The issue of gun control re-entered the national conversation following the shooting late Wednesday night at the Borderline Bar & Grill in Thousand Oaks. The attack left 13 people dead including the suspected gunman.

One question that is sure to be part of the debate in coming days: Could a proposition passed by California voters in 2016 — but since held up by legal challenges over its constitutionality — have prevented the suspected gunman from obtaining the ammunition he is alleged to have used?

California has worked to pass laws curbing the use of assault weapons and large-capacity magazines in the wake of the terror attack in San Bernardino in December 2015 in which 14 were killed.

In the aftermath of the attack, California voters passed Proposition 63 in November 2016 by an overwhelming margin. The measure, championed by then-Lt. Gov. Gavin Newsom, prohibited the purchase of magazines containing more than 10 bullets and mandated background checks before the purchase of large amounts of ammunition.

California has some of the most comprehensive gun control laws in the nation.

Prospective gun owners must file for a state permit to obtain firearms. There are laws limiting the purchase of assault weapons and .50 caliber BMG rifles. And most importantly for this case, there is a 2011 restriction on large-capacity magazines, a phrase the Legislature almost deliberately left vague.

Authorities have identified the shooter as Ian David Long. They said that the weapon he used was a Glock 21 .45-caliber handgun fitted with an extended magazine. Witnesses reported that he reloaded his weapon at least once, but Ventura County Sheriff Geoff Dean confirmed that the suspect had at least one large-capacity magazine. The required magazine and ammunition that were used could have been more challenging to acquire had Proposition 63 been enacted.

At least one legal expert agrees: Proposition 63 may have helped prevent this shooting.

Robert Spitzer, professor and chair of the Political Science Department at the State University of New York, College at Cortland, has written multiple books on the Second Amendment and gun control. He defends the constitutionality of Proposition 63.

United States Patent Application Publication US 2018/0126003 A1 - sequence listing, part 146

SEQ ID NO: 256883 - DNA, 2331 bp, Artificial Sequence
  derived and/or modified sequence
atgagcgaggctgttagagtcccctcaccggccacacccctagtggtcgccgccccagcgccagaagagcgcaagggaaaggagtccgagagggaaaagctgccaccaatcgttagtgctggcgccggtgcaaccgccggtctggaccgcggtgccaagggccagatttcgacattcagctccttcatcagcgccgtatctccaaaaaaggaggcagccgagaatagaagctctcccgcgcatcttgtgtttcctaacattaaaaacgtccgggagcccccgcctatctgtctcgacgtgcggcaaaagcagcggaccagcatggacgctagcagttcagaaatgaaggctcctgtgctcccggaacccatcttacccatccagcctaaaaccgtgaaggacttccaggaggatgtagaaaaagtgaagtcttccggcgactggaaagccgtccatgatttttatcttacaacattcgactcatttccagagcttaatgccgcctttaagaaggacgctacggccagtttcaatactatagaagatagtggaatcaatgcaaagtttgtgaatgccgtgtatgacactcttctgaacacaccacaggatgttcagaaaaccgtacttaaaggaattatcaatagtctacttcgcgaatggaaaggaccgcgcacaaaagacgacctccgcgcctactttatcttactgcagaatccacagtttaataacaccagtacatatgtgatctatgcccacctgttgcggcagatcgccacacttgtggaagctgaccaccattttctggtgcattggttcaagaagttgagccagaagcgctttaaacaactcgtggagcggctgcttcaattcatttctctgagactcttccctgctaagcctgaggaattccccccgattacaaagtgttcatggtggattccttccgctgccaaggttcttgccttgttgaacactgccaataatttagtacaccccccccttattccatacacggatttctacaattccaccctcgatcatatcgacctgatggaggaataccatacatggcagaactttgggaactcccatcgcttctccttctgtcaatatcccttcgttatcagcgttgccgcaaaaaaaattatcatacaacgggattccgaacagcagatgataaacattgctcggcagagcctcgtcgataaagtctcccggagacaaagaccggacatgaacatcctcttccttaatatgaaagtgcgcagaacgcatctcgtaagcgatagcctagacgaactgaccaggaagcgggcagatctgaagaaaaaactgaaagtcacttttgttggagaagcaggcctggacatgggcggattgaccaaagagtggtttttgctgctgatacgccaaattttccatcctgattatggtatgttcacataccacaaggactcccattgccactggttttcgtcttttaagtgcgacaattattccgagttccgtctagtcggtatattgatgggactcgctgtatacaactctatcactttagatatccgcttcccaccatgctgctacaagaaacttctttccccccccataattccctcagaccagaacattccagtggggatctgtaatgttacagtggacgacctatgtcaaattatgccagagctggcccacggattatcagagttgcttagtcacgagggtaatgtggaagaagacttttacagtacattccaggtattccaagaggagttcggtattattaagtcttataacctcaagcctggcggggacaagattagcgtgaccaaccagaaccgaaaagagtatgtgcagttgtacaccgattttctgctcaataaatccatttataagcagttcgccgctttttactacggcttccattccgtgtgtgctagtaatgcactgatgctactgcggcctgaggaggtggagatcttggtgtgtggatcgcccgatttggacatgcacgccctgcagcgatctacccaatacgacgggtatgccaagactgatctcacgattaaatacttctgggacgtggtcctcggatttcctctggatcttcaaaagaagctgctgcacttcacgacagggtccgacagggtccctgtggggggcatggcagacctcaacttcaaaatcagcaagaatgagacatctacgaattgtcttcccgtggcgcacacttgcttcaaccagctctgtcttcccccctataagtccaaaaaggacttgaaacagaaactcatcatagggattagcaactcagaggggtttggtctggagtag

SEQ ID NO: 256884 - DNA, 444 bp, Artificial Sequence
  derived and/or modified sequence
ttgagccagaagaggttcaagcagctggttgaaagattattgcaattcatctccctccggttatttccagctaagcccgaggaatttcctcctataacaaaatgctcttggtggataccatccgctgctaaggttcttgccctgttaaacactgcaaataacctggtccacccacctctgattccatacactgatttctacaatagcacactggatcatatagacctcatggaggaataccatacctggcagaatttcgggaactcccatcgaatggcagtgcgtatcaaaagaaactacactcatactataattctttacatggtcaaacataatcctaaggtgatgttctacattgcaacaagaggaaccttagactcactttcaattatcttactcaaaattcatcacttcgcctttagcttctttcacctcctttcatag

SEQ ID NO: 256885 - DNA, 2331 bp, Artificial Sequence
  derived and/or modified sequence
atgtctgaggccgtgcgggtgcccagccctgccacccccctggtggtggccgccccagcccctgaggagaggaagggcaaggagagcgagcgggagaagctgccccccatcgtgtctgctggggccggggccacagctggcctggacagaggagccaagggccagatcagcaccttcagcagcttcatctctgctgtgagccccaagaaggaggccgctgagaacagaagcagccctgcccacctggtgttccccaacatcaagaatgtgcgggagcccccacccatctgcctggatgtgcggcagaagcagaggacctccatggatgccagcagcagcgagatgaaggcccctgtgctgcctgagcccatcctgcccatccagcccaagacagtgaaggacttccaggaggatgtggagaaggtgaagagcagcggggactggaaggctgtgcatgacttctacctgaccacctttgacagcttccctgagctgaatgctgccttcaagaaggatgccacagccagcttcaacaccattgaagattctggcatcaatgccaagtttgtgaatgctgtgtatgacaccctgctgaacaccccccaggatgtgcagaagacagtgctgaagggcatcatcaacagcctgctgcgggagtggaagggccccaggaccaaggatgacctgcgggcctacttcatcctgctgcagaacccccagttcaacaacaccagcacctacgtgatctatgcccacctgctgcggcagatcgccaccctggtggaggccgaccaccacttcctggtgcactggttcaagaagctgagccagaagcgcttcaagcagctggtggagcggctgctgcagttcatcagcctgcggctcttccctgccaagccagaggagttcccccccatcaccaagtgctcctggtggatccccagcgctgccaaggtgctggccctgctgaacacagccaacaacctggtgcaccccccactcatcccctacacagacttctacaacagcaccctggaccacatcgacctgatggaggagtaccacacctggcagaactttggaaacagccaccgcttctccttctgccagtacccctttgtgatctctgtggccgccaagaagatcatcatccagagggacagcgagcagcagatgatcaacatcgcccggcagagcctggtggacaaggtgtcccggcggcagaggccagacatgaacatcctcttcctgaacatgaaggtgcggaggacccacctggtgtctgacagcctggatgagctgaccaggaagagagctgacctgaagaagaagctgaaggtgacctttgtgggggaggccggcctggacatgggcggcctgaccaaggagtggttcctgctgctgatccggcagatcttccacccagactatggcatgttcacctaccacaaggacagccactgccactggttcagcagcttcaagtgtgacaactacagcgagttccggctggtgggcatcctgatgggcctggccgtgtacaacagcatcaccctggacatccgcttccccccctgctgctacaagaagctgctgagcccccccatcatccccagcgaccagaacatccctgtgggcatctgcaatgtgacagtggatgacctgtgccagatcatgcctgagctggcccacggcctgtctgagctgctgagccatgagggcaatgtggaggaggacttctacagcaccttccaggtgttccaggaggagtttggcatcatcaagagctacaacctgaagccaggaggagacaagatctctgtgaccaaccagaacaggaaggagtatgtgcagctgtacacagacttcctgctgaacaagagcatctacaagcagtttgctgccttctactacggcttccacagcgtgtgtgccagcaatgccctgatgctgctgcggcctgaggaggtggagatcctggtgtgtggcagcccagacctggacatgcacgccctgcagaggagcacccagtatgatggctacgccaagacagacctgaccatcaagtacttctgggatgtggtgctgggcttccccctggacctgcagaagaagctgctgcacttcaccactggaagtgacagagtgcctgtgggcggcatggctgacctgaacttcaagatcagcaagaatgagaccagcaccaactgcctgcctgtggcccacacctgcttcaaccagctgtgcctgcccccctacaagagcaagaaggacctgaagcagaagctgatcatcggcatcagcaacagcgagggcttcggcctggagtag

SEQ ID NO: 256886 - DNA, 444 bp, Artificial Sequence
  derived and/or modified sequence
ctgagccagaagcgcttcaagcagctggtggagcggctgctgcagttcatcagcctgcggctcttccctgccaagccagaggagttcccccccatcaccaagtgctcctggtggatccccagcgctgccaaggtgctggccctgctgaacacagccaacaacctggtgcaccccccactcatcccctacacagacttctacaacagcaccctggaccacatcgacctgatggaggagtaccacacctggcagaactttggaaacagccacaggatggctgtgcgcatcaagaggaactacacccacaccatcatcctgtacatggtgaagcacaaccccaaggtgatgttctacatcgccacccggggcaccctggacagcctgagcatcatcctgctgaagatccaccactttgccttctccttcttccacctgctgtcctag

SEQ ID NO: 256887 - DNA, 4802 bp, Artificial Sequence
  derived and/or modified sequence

"Case law would hold that it is constitutional to place the limit on 10-bullet magazine," he said in a telephone interview. "The notion that this is out of step with other legislation is untrue."

Proposition 63 attempted to amend the ambiguity of the earlier magazine restrictions — and it would have, had it not been challenged in federal court by a lawsuit filed by the California Rifle & Pistol Association (CRPA), a state chapter of the National Rifle Association. The May 2017 lawsuit claimed that the proposition was unconstitutional and labeled it a violation of Second Amendment rights.

On June 29 of that year, a federal judge ordered California Attorney General Xavier Becerra to withhold enforcement of the proposition until a decision on the lawsuit is made.

Thursday afternoon CRPA Executive Director Rick Travis issued the following statement:

"For once we agree with Governor-Elect Newsom: addressing societal problems has to be a priority in preventing tragedies like this rather than blaming millions of law-abiding California gun owners. In an era where 22 veterans a day on average commit suicide, it's shameful that more isn't being done."

Constitutional scholar Spitzer, in response to the CRPA statement, asked, "Are they suggesting that there are millions of law-abiding gun owners who own 30-round magazines?"

Could Proposition 63 have made it more difficult for Long to have obtained the ammunition he is suspected to have used — or even stopped him completely?

"The general answer would seem to be yes, depending on where or how he obtained the magazine that he did. That would be the purpose of the law after all," said Spitzer.

The suspected gunman had a history of domestic disturbances, according to NPR. He was the subject of a battery in 2015 and had been evaluated by a mental-health specialist due to his irrational behavior in the aftermath of the battery. A basic background check, mandated by Proposition 63, would have brought up this history of mental health and violence, ending his attempts to purchase the magazine and ammunition.